Details

Supply Chain Management: An International Journal, vol. 24 no. 2
Type: Research Article
ISSN: 1359-8546

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Article
Publication date: 2 December 2019

Abhijeet Ghadge, Maximilian Weiß, Nigel D. Caldwell and Richard Wilding

In spite of growing research interest in cyber security, inter-firm based cyber risk studies are rare. Therefore, this study aims to investigate cyber risk management in…

Abstract

Purpose

In spite of growing research interest in cyber security, inter-firm based cyber risk studies are rare. Therefore, this study aims to investigate cyber risk management in supply chain contexts.

Design/methodology/approach

Adapting a systematic literature review process, papers from interdisciplinary areas published between 1990 and 2017 were selected. Different typologies, developed for conducting descriptive and thematic analysis, were established using data mining techniques to conduct a comprehensive, replicable and transparent review.

Findings

The review identifies multiple future research directions for cyber security/resilience in supply chains. A conceptual model is developed, which indicates a strong link between information technology, organisational and supply chain security systems. The human/behavioural elements within cyber security risk are found to be critical; however, behavioural risks have attracted less attention because of a perceived bias towards technical (data, application and network) risks. There is a need for raising risk awareness, standardised policies, collaborative strategies and empirical models for creating supply chain cyber-resilience.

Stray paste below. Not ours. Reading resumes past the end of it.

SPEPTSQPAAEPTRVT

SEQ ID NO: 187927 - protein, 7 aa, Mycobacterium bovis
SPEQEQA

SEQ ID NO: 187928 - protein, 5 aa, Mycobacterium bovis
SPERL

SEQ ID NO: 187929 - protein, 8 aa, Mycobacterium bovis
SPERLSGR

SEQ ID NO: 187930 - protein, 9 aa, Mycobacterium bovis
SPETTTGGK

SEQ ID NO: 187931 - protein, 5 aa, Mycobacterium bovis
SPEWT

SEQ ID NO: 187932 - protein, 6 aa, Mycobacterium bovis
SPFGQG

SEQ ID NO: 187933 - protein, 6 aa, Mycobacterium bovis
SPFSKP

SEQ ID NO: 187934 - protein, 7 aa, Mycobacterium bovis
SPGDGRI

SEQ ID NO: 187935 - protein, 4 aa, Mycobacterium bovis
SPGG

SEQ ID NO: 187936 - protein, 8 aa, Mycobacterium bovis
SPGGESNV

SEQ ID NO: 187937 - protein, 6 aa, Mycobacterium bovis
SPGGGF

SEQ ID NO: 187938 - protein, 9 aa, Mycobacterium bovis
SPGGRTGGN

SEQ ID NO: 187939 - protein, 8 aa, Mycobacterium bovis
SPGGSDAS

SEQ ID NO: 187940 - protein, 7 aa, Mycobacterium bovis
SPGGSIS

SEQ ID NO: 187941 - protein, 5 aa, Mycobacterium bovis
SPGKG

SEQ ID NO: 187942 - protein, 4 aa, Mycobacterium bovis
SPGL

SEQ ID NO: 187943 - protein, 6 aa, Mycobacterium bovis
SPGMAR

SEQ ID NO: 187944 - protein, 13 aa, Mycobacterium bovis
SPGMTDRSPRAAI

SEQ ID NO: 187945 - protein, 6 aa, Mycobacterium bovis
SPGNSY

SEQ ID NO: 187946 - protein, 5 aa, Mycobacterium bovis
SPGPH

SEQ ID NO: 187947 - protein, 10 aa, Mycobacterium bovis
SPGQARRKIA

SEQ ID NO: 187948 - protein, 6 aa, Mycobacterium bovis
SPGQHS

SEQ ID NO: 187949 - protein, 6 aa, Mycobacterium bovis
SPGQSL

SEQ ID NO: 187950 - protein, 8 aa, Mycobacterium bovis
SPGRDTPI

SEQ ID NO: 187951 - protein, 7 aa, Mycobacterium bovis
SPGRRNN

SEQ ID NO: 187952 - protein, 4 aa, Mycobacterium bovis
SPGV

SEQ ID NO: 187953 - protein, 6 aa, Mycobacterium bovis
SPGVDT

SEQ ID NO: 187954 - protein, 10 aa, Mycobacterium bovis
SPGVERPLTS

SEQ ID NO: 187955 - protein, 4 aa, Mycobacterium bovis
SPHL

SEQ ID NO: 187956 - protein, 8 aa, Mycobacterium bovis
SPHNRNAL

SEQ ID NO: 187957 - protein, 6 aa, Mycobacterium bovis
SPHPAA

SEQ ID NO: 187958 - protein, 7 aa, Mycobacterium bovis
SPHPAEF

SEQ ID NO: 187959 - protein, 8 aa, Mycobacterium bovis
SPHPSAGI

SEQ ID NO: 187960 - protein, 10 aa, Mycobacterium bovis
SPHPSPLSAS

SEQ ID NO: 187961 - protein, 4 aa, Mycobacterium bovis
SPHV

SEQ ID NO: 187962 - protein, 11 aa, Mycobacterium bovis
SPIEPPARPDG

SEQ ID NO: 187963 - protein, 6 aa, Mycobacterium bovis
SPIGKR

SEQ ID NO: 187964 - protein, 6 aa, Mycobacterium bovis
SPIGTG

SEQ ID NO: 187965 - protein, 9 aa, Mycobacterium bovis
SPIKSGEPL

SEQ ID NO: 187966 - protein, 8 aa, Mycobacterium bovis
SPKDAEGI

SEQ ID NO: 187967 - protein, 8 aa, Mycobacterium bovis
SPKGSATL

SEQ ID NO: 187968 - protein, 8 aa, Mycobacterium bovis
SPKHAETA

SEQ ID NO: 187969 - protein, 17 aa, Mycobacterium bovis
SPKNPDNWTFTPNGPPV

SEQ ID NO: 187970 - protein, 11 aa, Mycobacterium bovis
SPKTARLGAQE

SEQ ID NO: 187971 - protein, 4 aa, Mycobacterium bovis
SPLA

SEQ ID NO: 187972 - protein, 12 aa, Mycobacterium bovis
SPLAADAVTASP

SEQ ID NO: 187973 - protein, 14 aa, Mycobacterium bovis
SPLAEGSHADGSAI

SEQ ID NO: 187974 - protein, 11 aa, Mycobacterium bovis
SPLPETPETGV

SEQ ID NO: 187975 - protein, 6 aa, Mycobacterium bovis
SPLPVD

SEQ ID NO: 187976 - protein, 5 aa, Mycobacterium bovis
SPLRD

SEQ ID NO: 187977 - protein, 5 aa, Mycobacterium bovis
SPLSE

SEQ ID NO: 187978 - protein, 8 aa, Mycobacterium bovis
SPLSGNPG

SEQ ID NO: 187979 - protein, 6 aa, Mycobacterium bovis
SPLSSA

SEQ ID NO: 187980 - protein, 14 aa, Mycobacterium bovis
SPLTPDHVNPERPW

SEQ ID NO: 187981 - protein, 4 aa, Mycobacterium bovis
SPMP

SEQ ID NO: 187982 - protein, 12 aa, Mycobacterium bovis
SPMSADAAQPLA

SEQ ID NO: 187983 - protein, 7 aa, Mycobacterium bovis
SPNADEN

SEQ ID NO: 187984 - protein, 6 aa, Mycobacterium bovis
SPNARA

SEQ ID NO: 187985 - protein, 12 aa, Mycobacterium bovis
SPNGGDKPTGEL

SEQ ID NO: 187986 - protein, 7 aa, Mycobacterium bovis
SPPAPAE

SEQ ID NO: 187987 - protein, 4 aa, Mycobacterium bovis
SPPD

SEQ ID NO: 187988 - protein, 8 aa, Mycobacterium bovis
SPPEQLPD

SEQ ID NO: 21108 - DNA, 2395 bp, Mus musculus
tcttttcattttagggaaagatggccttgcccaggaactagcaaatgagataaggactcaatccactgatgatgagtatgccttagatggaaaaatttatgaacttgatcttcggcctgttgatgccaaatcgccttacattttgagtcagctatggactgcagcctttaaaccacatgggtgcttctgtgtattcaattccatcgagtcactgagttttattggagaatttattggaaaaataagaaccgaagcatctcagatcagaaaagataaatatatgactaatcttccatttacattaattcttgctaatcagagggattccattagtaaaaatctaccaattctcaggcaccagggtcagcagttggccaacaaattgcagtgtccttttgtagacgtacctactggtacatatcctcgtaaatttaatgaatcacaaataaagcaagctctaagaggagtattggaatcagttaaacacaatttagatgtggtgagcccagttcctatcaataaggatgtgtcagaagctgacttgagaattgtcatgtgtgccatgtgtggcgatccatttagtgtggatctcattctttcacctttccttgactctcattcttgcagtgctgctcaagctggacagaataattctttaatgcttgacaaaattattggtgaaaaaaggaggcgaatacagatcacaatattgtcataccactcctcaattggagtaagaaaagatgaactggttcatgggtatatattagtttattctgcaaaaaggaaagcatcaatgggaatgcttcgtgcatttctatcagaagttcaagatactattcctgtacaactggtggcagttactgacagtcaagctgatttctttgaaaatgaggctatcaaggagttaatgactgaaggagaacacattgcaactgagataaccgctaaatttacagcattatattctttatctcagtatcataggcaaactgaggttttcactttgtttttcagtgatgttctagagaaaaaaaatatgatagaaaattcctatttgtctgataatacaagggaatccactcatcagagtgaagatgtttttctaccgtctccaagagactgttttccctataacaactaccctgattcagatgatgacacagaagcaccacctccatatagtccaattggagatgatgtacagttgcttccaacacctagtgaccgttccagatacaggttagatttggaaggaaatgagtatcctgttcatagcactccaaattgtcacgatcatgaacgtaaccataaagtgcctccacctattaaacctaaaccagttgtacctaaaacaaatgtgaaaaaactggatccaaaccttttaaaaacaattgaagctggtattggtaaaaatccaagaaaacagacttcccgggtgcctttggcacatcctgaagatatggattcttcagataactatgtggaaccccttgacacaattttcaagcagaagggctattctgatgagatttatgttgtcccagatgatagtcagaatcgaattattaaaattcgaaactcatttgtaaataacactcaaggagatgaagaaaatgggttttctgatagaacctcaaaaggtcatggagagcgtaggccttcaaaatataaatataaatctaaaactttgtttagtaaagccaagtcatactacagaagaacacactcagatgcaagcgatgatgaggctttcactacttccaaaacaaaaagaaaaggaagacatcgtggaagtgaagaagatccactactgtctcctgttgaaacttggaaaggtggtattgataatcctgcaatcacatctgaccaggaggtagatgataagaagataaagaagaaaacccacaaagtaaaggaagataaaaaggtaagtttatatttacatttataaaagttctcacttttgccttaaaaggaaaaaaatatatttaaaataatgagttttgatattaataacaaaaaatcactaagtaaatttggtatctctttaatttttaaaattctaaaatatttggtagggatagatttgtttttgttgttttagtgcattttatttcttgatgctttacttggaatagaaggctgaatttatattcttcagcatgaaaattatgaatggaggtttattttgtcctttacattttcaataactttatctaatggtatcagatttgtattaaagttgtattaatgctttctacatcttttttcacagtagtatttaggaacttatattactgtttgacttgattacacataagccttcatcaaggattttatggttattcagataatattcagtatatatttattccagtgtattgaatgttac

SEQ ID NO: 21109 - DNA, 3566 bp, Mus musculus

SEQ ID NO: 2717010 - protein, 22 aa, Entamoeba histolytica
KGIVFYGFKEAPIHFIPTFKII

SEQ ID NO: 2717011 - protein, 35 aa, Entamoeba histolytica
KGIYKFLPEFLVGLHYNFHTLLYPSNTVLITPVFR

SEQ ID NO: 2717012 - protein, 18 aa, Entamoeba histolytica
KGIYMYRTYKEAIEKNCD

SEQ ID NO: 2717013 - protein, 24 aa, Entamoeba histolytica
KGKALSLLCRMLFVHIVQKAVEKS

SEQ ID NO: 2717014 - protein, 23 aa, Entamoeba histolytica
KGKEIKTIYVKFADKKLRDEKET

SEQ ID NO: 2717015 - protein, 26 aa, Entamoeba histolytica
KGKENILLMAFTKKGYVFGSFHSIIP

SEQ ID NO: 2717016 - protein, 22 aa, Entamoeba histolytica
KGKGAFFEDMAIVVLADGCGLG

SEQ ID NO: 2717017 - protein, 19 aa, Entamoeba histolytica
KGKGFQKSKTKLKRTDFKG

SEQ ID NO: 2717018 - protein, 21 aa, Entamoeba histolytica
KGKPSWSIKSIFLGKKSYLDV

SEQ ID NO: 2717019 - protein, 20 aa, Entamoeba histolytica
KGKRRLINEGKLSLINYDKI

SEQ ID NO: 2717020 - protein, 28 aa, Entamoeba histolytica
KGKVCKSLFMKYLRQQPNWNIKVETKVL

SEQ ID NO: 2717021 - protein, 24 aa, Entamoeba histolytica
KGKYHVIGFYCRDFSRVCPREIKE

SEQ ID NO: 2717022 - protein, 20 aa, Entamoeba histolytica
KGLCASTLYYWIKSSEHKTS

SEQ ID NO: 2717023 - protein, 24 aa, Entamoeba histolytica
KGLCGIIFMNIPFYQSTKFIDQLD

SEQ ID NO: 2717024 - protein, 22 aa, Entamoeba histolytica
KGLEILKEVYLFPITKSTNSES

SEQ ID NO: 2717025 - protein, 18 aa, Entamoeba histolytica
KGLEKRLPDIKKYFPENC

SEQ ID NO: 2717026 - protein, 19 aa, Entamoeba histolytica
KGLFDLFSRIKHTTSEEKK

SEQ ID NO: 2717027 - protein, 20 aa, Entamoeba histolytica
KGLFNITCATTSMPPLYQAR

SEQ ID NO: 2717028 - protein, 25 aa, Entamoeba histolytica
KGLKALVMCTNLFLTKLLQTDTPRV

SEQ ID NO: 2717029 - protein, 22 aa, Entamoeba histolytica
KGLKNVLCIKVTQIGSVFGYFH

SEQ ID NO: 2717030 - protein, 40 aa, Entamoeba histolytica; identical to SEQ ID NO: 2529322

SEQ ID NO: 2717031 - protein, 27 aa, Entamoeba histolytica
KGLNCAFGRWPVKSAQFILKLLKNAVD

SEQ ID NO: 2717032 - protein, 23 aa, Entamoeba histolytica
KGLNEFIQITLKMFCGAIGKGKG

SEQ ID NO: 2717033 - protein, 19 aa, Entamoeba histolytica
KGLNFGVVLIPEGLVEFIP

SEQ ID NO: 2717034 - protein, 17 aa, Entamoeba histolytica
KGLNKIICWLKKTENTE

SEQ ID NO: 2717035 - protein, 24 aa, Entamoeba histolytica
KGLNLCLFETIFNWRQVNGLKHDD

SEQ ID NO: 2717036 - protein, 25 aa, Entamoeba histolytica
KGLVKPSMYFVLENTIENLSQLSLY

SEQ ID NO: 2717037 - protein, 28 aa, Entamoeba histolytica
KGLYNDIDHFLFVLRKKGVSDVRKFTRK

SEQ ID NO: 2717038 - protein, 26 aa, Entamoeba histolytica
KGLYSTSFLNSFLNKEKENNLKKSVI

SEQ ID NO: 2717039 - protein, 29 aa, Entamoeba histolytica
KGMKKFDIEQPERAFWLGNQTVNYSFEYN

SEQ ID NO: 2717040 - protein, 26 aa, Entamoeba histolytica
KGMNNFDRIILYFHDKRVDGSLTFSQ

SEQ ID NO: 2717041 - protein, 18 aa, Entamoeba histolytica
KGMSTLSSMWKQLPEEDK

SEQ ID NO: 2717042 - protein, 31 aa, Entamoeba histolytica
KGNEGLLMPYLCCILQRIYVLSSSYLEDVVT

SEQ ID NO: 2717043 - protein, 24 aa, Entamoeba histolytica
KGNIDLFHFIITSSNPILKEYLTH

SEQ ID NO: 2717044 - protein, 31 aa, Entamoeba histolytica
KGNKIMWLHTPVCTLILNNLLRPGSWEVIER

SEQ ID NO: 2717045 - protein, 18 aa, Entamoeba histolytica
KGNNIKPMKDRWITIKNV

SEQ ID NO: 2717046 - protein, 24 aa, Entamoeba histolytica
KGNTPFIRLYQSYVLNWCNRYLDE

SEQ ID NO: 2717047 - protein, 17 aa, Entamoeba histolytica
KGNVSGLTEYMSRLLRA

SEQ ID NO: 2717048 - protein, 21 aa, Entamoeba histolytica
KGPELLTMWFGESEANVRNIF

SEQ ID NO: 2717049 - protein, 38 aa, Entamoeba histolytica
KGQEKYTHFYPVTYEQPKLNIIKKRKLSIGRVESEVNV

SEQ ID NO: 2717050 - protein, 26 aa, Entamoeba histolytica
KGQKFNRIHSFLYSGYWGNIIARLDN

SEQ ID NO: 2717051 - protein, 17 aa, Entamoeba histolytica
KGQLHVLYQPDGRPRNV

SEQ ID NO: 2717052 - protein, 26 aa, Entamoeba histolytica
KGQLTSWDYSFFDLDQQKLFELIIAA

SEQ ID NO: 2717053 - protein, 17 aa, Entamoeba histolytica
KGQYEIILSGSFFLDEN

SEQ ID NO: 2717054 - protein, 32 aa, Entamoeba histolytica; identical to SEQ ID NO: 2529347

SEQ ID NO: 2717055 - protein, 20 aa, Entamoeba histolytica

Research limitations/implications

Different types of cyber risks and their points of penetration, propagation levels, consequences and mitigation measures are identified. The conceptual model developed in this study drives an agenda for future research on supply chain cyber security/resilience.

Practical implications

A multi-perspective, systematic study provides a holistic guide for practitioners in understanding cyber-physical systems. The cyber risk challenges and the mitigation strategies identified support supply chain managers in making informed decisions.

Originality/value

To the best of the authors’ knowledge, this is the first systematic literature review on managing cyber risks in supply chains. The review defines supply chain cyber risk and develops a conceptual model for supply chain cyber security systems and an agenda for future studies.

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Article
Publication date: 21 November 2016

Martin Eling and Werner Schnell

This paper aims to provide an overview of the main research topics in the emerging fields of cyber risk and cyber risk insurance. The paper also illustrates future…

Abstract

Purpose

This paper aims to provide an overview of the main research topics in the emerging fields of cyber risk and cyber risk insurance. The paper also illustrates future research directions, from both academic and practical points of view.

Design/methodology/approach